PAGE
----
• But even if you don’t need it for health care, you can treat it just like a traditional IRA once you hit age 65.  But it is even better than a traditional IRA for two reasons:  First, there is no income limit on deducting your contributions.  The contributions are deductible even if you make a million dollars a year.  Second, the contribution limit can be higher than the $5000 limit on traditional or Roth IRAs-$6150 ($3050 for individual coverage) for 2011.


    Most people probably don't know that saving receipts and treating an HSA like a "stealth" traditional IRA is likely a bad decision for most high income earners based on the current tax code.  Furthermore, saving receipts is not riskless.  The tax code could change (no more tax free deductions for high income earners, no more carry forward of prior year receipts, etc.) or you could lose receipts.  Plowing ahead with receipt saving without understanding the risks or the benefits is a bad idea.

    I agree that healthcare costs have outpaced inflation, but I highly doubt that it will continue like that in the future. How will anyone retire if you need $500k-$1M saved just for medical expenses.  69% of Americans have less than $1k of savings.

    Your last point is off base because I am making the point about IRA-type withdrawals, not tax-free withdrawals. In the following example, the assumption is that the earnings from the investment will not be used for qualified health expenses.  If they are, then the amount should be reduced from $5,000 in the example until the returns would not be expected to be used for future health expenses.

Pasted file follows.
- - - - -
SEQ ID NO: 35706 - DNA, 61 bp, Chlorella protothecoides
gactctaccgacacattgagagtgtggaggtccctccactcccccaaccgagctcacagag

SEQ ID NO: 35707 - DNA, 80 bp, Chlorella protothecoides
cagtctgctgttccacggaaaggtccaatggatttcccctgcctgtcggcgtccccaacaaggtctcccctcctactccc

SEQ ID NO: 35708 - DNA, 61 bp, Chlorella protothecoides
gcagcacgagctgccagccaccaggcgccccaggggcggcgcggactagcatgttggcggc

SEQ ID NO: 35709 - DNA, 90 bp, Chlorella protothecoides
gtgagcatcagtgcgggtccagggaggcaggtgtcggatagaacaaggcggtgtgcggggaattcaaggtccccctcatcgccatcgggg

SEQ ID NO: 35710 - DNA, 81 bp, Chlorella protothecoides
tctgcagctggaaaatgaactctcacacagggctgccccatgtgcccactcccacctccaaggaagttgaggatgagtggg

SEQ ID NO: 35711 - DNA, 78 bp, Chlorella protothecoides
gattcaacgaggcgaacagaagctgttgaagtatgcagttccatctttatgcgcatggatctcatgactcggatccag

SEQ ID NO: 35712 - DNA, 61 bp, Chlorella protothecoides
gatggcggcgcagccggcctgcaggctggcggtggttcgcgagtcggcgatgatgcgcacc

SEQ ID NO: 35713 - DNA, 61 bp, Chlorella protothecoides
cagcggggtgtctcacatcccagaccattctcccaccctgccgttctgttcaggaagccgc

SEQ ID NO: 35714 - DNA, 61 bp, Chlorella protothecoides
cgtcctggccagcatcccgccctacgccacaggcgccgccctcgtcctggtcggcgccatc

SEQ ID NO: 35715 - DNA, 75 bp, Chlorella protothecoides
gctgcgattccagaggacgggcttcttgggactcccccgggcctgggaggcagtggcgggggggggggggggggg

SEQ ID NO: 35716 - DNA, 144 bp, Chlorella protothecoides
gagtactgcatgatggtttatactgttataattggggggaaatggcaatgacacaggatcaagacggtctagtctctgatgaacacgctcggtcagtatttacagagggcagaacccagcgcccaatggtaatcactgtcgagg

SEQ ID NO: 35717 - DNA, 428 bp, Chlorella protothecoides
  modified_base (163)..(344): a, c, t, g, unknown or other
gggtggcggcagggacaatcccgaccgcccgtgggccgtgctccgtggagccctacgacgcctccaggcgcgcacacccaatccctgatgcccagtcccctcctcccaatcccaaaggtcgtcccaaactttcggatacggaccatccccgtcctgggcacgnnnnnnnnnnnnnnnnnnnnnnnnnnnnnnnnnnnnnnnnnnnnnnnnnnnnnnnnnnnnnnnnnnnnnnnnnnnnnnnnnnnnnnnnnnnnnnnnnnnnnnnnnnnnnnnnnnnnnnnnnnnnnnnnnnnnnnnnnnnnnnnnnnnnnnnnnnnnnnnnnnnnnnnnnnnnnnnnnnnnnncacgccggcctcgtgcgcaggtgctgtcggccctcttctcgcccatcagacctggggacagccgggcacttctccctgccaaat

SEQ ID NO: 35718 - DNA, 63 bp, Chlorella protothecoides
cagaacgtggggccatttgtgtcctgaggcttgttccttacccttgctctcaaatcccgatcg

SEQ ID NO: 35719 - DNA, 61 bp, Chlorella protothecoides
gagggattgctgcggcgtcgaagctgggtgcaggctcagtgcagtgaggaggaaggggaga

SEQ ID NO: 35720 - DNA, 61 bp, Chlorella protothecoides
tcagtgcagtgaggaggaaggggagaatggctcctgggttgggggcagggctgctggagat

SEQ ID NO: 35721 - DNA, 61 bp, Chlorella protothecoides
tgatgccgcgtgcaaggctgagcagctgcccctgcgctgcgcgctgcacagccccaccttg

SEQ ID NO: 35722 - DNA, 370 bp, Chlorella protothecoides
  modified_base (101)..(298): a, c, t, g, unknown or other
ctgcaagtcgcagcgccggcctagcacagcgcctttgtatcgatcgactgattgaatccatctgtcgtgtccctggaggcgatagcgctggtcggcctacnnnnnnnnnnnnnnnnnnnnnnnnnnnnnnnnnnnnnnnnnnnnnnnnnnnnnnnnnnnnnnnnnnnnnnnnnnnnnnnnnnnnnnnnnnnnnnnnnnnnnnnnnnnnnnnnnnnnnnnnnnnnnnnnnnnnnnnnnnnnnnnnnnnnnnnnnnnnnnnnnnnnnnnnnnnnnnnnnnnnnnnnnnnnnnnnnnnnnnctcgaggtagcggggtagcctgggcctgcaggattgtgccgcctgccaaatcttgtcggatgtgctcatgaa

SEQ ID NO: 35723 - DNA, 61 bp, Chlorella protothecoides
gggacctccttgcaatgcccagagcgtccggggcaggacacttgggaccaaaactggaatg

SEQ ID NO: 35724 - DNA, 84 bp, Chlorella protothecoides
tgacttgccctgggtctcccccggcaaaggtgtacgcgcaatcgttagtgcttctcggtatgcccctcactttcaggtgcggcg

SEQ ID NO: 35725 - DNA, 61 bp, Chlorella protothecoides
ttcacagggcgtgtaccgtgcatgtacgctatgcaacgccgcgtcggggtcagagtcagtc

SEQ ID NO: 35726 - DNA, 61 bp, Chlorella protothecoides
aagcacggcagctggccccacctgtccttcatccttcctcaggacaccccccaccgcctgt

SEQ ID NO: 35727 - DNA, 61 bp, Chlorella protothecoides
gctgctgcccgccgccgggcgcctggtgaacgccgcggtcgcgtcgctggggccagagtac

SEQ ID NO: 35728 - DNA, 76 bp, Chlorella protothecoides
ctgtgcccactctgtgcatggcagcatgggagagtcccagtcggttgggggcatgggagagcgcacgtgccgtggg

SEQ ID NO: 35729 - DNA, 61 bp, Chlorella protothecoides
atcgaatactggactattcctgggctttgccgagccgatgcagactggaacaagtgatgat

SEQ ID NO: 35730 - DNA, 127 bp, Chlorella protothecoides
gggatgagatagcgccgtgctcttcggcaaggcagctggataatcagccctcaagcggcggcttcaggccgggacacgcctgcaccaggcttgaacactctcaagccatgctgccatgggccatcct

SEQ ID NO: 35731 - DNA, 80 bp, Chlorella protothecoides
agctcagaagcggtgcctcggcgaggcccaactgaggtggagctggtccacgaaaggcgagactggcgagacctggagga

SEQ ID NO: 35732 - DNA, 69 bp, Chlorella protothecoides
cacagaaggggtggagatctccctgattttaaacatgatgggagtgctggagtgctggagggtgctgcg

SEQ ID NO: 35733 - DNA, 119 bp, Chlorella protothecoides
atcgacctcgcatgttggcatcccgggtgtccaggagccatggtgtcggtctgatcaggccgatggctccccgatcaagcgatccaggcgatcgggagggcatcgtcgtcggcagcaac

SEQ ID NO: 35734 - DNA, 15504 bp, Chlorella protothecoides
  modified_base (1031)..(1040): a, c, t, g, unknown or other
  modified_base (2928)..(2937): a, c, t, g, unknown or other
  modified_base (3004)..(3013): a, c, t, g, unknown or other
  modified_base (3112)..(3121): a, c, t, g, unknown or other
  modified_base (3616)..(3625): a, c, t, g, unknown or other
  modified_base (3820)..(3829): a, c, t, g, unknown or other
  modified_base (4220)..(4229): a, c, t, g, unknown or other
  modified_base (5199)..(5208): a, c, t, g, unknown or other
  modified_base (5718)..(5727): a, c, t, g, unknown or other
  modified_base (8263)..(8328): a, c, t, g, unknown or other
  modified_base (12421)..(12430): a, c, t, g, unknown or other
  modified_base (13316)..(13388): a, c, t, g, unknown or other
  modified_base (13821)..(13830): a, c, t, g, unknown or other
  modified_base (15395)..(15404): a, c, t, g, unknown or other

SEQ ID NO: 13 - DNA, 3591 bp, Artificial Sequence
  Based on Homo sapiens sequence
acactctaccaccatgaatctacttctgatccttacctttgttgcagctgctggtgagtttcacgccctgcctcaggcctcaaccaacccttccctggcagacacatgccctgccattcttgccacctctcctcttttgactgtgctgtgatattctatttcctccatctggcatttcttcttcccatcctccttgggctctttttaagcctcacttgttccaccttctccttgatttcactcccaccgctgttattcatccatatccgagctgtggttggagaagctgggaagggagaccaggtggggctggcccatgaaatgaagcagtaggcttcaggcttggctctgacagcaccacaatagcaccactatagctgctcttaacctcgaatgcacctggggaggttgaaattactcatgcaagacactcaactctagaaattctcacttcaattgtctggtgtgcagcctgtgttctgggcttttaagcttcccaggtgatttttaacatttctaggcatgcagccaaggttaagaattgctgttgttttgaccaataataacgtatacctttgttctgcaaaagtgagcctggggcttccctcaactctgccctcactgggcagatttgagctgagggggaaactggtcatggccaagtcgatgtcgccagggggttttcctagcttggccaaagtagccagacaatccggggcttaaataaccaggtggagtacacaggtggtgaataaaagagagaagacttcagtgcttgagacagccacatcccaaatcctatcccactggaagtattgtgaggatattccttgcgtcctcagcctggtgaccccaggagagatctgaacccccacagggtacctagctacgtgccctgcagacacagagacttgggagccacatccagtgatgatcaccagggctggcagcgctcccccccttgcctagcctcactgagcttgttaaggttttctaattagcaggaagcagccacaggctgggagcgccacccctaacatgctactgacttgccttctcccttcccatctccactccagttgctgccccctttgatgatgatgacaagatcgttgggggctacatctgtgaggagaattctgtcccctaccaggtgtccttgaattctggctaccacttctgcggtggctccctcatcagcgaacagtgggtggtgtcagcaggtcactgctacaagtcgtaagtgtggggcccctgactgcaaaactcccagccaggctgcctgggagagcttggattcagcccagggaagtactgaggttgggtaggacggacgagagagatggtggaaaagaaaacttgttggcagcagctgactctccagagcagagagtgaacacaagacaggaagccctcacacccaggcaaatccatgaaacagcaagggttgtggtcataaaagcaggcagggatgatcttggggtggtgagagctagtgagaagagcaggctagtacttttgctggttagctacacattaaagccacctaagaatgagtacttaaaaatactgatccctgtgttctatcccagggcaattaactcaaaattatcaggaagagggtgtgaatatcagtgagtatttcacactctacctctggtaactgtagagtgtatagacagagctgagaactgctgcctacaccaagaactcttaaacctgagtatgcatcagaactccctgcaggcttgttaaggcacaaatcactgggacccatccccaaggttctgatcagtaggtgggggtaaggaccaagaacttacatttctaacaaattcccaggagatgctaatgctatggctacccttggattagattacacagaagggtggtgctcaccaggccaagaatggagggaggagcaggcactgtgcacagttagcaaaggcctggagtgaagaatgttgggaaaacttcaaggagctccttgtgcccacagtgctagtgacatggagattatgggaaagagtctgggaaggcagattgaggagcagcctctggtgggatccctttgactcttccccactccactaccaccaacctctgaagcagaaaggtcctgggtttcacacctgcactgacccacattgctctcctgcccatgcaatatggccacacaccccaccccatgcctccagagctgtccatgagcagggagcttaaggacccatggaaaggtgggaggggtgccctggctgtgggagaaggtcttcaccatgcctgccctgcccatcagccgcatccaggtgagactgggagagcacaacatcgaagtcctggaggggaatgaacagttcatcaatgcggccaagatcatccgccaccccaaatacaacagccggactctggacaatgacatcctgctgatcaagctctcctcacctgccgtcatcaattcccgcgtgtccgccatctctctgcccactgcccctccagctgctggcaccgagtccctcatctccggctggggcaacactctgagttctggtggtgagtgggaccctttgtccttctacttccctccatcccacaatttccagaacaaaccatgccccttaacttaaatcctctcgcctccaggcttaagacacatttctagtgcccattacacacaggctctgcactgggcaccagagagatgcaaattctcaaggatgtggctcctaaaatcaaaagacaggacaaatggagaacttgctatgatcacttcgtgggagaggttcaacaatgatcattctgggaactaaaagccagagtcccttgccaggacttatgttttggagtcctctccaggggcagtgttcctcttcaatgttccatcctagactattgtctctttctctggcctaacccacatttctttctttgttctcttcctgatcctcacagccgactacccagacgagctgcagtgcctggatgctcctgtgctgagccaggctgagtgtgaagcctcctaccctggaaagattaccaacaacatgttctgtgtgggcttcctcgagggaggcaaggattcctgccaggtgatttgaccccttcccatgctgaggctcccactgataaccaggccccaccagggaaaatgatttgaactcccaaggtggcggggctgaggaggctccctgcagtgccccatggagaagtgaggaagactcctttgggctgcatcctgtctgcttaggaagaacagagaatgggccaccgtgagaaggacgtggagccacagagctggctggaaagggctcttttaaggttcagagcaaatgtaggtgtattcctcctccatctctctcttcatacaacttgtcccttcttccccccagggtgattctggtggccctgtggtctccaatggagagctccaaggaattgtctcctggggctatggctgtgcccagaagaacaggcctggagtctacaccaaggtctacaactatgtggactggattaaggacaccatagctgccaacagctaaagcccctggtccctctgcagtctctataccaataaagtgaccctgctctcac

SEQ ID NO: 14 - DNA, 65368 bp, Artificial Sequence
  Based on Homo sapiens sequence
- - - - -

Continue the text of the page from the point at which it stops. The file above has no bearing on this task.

If you have $5,000 in medical expenses this year you can either (i) use $5,000 of cash from you taxable account to pay the expenses and leave the HSA money untouched or (ii) withdraw the $5,000 from the HSA to pay the expenses and invest the $5,000 in your taxable account.

    • Withdrawing from HSA and Investing in Taxable

      • Un-taxed Principal - $5,000

      • 30 year gains at 5.5% - $19,920

      • 30 year gains after 15% cap gains tax rate - $16,932

      • Total After Tax Amount - $21,932





    • Savings Receipts and using HSA as Stealth IRA

      • Un-taxed Principal - $5,000

      • 30 year gains at 6.0% - $23,717

      • 30 year gains taxed at 33% ordinary income - $15,891

      • Total After Tax Amount - $20,891




    So there are the numbers on this situation.  In this example, you are $1,041 better off by withdrawing from the HSA today rather than saving receipts to invest tax free for use as a stealth IRA.

    Leave a comment:


  • spiritrider
    replied




    6% real return, friend.  5% real is $860k, more than the $500k you say is necessary.   It is you who is giving bad advice, making assumptions not in the OP, and dispensing with inflammatory comments that detract from a logical debate.
    Click to expand...


    I fail to see what is inflammatory about pointing out that the vast majority WCI members will benefit from paying HSA qualified medical expenses out of pocket and deferring tax-free distributions to accumulate the largest possible HSA balance for retirement qualified medical expenses. The vast majority if not virtually all forum members with HSAs will themselves and/or their spouses outlive their HSA balances. Thus rendering the fundamental premise of your argument specious.